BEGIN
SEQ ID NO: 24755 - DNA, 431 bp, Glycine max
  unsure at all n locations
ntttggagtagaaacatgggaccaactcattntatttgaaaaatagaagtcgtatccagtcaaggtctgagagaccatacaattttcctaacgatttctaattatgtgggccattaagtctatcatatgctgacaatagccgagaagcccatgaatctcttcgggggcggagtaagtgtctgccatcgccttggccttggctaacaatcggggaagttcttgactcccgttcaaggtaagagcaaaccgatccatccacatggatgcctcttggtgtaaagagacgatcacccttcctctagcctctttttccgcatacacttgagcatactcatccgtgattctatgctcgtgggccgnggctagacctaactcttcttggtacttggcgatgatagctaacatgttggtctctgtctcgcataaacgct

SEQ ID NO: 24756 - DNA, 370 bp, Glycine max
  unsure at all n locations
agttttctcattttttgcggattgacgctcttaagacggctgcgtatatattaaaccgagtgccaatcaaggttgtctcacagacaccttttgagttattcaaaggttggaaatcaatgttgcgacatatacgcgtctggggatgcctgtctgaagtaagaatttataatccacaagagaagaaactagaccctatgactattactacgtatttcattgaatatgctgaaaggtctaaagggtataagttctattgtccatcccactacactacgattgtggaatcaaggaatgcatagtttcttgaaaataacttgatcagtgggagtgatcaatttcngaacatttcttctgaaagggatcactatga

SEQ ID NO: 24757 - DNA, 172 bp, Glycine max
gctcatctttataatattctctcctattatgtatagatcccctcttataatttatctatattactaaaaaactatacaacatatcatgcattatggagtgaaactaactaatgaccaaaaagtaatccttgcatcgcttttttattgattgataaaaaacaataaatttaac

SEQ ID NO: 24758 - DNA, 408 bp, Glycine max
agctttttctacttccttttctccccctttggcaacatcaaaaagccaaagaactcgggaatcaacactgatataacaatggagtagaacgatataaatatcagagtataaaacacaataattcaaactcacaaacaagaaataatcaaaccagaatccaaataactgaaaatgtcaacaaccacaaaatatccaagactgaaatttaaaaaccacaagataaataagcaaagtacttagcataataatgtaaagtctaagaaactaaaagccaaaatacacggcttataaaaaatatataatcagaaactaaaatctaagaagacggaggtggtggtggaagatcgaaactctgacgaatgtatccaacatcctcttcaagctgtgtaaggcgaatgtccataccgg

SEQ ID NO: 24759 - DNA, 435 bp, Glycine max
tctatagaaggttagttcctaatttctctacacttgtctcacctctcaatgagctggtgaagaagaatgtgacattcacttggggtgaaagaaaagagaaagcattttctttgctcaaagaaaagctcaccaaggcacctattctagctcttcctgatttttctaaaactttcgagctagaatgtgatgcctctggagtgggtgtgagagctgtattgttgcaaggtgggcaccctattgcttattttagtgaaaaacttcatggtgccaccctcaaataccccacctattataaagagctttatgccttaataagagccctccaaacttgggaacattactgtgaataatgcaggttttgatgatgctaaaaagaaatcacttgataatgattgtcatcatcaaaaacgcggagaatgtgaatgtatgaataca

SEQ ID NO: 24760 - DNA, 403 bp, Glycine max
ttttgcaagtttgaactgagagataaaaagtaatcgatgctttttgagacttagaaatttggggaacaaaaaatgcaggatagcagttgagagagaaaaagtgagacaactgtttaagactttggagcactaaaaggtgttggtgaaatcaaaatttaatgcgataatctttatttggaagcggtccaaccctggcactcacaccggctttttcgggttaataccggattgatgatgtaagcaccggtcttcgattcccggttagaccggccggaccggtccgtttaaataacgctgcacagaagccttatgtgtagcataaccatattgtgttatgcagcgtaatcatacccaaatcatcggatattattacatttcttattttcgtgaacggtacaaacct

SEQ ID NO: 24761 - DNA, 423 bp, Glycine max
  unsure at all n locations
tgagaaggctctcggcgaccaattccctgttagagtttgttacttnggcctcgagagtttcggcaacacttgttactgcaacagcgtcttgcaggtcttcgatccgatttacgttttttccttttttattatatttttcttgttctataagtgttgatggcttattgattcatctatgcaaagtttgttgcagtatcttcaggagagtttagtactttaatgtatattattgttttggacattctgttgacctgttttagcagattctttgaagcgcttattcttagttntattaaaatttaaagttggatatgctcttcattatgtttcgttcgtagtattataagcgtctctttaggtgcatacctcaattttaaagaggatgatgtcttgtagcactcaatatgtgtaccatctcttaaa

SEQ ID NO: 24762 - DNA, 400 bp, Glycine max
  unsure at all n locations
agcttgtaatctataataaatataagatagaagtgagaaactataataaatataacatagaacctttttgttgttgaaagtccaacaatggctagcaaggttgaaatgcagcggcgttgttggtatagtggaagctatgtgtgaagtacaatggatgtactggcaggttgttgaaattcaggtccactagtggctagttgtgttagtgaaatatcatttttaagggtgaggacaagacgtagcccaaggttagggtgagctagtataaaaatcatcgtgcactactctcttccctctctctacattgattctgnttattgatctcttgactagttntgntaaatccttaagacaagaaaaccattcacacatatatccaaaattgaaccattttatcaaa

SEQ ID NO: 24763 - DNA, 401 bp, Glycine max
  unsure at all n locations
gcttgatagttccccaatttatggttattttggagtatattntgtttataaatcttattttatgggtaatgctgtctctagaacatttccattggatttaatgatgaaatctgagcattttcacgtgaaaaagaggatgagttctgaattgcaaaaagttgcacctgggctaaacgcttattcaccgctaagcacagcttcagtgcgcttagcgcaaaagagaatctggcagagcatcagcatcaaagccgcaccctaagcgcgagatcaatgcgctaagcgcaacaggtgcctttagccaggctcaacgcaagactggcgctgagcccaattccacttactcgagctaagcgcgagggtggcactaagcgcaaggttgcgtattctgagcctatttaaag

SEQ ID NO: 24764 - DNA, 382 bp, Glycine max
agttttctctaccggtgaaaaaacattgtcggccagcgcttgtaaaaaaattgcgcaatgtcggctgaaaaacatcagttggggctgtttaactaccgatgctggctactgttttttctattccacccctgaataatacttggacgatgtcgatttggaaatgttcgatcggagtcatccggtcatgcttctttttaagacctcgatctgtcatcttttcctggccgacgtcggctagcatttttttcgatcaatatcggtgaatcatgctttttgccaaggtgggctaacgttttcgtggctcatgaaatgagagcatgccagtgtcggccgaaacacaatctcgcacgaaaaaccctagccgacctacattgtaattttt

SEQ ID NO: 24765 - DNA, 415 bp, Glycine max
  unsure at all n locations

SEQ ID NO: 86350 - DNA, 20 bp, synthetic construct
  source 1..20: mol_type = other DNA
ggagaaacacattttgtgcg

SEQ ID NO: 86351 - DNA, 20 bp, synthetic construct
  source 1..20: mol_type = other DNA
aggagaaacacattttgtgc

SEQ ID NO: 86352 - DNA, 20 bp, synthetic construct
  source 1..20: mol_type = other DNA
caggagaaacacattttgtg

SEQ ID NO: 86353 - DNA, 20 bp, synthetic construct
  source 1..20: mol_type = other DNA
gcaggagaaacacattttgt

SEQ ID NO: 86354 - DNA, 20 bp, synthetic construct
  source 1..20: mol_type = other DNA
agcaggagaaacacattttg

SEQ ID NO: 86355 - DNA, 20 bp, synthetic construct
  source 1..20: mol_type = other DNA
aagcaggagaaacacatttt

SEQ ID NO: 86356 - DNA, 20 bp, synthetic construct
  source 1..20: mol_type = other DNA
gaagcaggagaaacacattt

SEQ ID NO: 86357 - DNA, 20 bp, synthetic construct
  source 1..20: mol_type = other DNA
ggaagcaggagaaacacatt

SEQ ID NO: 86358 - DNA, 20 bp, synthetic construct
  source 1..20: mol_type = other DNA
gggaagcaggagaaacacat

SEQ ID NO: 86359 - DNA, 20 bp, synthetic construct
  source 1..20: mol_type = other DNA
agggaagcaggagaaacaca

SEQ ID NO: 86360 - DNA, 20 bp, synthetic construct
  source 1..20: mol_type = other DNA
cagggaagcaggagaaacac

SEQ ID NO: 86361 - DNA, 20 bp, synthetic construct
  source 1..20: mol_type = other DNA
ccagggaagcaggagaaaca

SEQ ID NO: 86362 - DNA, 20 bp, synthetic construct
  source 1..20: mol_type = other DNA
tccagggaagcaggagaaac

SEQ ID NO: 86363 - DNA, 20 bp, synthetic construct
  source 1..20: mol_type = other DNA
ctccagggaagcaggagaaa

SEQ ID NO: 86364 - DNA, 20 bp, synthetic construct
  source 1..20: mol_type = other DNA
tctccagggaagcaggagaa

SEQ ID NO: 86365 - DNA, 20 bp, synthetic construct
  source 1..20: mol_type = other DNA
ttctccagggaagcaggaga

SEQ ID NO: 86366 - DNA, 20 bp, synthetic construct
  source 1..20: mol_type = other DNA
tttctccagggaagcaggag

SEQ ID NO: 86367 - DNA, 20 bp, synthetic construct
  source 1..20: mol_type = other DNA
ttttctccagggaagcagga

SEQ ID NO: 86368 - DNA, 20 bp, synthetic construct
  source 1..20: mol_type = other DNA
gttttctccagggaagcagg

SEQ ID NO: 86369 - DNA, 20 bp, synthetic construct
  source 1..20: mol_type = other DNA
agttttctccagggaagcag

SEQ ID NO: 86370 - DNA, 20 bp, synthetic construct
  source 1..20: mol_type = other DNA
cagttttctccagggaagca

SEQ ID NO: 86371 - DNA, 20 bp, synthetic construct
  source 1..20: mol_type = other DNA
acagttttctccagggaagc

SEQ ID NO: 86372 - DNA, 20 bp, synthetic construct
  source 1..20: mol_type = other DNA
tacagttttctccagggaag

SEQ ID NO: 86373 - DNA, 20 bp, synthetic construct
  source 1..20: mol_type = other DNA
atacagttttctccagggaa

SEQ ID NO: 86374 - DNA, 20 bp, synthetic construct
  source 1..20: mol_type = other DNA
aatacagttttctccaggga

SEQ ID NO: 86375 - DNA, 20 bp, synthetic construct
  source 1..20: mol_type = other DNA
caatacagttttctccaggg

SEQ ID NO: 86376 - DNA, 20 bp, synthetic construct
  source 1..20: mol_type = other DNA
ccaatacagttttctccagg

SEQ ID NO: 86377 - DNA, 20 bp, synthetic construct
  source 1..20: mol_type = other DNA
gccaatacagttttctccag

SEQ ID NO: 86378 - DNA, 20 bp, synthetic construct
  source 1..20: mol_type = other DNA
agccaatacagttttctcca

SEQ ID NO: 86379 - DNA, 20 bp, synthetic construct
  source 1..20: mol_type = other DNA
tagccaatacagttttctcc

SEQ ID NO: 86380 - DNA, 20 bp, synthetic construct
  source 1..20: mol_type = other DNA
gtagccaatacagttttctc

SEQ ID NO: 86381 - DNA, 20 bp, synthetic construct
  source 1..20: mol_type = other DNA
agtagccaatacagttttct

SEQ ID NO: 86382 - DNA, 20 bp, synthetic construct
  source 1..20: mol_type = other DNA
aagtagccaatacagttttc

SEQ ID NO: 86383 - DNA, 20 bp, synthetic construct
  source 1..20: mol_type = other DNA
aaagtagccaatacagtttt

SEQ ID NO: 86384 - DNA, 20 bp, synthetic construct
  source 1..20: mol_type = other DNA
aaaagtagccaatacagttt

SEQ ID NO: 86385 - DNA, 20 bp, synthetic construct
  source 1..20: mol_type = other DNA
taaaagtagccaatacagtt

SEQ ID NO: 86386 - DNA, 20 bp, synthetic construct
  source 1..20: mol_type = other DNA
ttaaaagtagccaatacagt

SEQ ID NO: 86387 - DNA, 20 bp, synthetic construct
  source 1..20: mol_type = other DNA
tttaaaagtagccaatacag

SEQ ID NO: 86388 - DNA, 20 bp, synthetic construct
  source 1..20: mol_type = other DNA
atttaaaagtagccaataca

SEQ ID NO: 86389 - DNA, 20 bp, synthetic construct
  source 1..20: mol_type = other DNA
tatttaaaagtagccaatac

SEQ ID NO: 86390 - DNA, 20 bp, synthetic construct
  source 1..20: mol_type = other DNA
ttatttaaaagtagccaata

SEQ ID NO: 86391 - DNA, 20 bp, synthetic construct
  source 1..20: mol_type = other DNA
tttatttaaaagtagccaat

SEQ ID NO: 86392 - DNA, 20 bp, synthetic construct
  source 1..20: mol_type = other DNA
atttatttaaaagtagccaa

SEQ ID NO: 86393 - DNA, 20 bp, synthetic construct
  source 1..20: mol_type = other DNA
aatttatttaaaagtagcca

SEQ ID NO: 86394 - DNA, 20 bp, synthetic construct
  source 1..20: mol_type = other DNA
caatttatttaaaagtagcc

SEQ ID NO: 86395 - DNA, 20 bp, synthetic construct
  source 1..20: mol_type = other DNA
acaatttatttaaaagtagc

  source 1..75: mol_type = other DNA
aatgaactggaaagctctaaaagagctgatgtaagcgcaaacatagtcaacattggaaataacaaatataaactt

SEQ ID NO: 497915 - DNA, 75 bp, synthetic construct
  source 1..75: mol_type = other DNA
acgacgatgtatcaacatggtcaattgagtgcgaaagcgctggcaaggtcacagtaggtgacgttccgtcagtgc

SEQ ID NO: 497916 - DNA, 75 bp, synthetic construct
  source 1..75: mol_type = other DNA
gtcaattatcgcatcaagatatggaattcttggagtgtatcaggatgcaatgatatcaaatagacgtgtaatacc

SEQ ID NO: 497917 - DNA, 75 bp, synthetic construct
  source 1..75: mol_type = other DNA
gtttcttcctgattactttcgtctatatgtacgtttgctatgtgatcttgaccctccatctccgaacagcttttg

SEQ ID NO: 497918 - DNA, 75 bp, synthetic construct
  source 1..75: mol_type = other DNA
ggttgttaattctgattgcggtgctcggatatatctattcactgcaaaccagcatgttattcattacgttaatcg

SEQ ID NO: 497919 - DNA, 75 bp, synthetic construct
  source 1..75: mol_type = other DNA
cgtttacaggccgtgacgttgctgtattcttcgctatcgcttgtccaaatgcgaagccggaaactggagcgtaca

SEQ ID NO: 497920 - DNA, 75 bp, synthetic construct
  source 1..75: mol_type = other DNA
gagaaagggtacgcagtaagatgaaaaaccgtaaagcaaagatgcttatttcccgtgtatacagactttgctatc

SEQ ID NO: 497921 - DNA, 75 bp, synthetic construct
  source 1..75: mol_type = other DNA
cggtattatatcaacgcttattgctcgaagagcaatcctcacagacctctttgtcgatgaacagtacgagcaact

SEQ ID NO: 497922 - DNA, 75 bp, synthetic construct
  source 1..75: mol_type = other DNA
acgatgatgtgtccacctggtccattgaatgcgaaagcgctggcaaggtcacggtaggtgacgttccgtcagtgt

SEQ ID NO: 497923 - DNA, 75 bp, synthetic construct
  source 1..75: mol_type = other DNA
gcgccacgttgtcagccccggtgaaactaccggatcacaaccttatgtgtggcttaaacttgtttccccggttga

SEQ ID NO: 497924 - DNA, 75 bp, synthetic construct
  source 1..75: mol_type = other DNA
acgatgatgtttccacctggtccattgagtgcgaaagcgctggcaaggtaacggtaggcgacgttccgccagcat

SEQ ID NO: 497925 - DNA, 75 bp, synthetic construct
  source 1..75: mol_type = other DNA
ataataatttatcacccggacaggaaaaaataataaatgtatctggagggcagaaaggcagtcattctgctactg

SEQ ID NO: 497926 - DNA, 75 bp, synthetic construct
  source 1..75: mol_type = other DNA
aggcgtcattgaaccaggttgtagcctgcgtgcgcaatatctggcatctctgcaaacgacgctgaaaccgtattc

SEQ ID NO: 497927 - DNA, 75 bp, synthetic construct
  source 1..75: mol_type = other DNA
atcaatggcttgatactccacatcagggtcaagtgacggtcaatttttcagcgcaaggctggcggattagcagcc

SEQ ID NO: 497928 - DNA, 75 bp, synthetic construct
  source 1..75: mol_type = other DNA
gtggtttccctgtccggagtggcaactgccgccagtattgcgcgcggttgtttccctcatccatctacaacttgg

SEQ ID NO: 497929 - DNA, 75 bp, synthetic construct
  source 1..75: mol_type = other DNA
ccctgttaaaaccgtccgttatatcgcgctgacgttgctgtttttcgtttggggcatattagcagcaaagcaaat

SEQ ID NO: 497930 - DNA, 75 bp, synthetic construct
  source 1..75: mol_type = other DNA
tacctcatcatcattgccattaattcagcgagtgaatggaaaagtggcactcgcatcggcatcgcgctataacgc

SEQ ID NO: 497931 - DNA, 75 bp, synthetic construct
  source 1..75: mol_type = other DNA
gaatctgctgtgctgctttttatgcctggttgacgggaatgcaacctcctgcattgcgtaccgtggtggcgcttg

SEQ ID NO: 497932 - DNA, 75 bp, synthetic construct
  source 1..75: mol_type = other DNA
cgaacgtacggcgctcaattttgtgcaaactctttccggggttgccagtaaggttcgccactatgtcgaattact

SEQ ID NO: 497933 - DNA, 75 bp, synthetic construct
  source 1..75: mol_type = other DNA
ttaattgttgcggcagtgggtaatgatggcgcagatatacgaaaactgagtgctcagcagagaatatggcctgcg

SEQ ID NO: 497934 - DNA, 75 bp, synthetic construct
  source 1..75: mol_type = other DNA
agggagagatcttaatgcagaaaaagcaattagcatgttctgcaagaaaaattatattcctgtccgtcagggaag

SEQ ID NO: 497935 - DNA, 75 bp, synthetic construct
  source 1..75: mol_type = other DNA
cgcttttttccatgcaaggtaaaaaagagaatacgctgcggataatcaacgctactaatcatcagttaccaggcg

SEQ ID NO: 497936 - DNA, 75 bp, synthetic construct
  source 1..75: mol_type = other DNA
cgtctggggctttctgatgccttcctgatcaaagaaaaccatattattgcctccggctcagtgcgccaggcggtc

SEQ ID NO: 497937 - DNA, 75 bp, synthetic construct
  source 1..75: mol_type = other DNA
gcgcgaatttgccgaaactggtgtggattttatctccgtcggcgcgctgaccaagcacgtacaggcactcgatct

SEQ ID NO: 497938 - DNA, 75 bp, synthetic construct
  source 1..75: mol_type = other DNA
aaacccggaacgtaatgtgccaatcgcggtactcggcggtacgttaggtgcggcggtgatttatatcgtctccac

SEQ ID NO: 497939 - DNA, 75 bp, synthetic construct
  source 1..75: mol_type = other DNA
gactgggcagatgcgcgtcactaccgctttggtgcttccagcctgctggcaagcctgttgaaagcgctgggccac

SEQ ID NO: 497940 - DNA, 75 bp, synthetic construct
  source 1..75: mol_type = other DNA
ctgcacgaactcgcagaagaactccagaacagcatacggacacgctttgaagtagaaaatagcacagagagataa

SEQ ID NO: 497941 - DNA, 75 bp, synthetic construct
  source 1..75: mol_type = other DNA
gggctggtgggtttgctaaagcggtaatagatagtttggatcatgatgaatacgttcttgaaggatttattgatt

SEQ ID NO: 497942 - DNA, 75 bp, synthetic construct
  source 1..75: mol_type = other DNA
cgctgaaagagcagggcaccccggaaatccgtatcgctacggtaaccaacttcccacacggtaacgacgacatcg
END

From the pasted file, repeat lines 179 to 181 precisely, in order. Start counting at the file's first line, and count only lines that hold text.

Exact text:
ggttgttaattctgattgcggtgctcggatatatctattcactgcaaaccagcatgttattcattacgttaatcg

SEQ ID NO: 497919 - DNA, 75 bp, synthetic construct
  source 1..75: mol_type = other DNA